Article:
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How scared is my baby? Bacteria decide

A microbiome study correlates the bacterial composition of an infant’s gut with the response to fear in later life.

'We're not animals': The Mexican girls sold as brides
A Mexican mother holds her baby at her home in Metlatonoc in Guerrero state, where calls are growing for an end to the ancestral tradition of selling daughters into marriage - Copyright AFP Jewel SAMAD
A Mexican mother holds her baby at her home in Metlatonoc in Guerrero state, where calls are growing for an end to the ancestral tradition of selling daughters into marriage - Copyright AFP Jewel SAMAD

A new study finds that bacteria are connected to how babies experience fear. In particular, it is an infant’s gut microbiome provides clues to neurological development. Moreover, understanding which are the beneficial bacteria could be used to develop a probiotic that could help to monitor and support healthy child.

The study from Michigan State University has investigated the infant’s digestive system. This was an attempt to understand why some babies react to the possibility of danger more than others?

The microbiome refers to an ecological niche of bacteria and fungi, plus their genetic material and interactions. One widely studied area is the gut microbiome, especially with the balance of beneficial and potentially harmful organisms. This balance may affect intelligence, development, obesity and other manifestations in later life.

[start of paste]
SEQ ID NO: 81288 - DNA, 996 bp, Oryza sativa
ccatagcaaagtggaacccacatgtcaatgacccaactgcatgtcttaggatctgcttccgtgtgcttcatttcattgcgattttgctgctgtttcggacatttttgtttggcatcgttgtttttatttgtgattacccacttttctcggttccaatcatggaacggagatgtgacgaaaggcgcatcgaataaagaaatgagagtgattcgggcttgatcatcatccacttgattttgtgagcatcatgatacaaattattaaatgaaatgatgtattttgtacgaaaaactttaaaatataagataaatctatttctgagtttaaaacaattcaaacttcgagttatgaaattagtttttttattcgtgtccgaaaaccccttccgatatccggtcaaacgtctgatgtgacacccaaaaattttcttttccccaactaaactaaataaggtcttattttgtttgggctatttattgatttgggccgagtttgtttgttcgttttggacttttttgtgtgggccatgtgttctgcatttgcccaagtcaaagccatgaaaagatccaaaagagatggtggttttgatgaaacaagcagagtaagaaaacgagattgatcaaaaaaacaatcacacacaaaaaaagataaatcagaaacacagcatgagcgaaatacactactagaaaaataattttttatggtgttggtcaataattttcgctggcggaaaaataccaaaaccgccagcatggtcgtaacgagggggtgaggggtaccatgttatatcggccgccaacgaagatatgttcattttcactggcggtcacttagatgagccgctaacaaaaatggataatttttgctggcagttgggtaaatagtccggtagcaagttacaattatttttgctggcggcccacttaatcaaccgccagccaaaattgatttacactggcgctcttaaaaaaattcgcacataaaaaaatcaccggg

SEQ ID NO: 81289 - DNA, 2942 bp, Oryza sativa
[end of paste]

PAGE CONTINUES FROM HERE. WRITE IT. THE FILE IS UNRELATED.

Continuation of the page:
The new research finds that the gut microbiome appears to be different in infants with strong fear responses and infants with milder reactions. Hence it could be possible to develop a new analytical technique to monitor and support healthy neurological development.

The data was drawn from a study of the stool samples of the infants and from observational studies to a potentially scary situation (in this case, an apparent stranger entering ta room while wearing a Halloween mask).

The research, which was based on 30 infants, is seen as particular important in terms of helping to identify those who might go on to develop chronic anxiety and depression later on in life.

Although the study was a pilot, there was sufficient evidence to suggest that some children with particular microbiomes at one month of age tended to be more fearful at one year of age.

It could also be that those infants observed expressing muted fear responses could go on to develop callous, unemotional traits associated with antisocial behavior. This may also become an area of psychological importance.

Furthermore, the content of the microbial community at one year is associated with the size of the amygdala brain region. This is the area of the brain connected with decision making in response to a potential threat.

The research appears in the science journal Nature Communications, with the study titled “Infant gut microbiome composition is associated with non-social fear behavior in a pilot study.”

Written By

Dr. Tim Sandle is Digital Journal's Editor-at-Large for science news. Tim specializes in science, technology, environmental, and health journalism. He is additionally a practising microbiologist; and an author. He is also interested in history, politics and current affairs.

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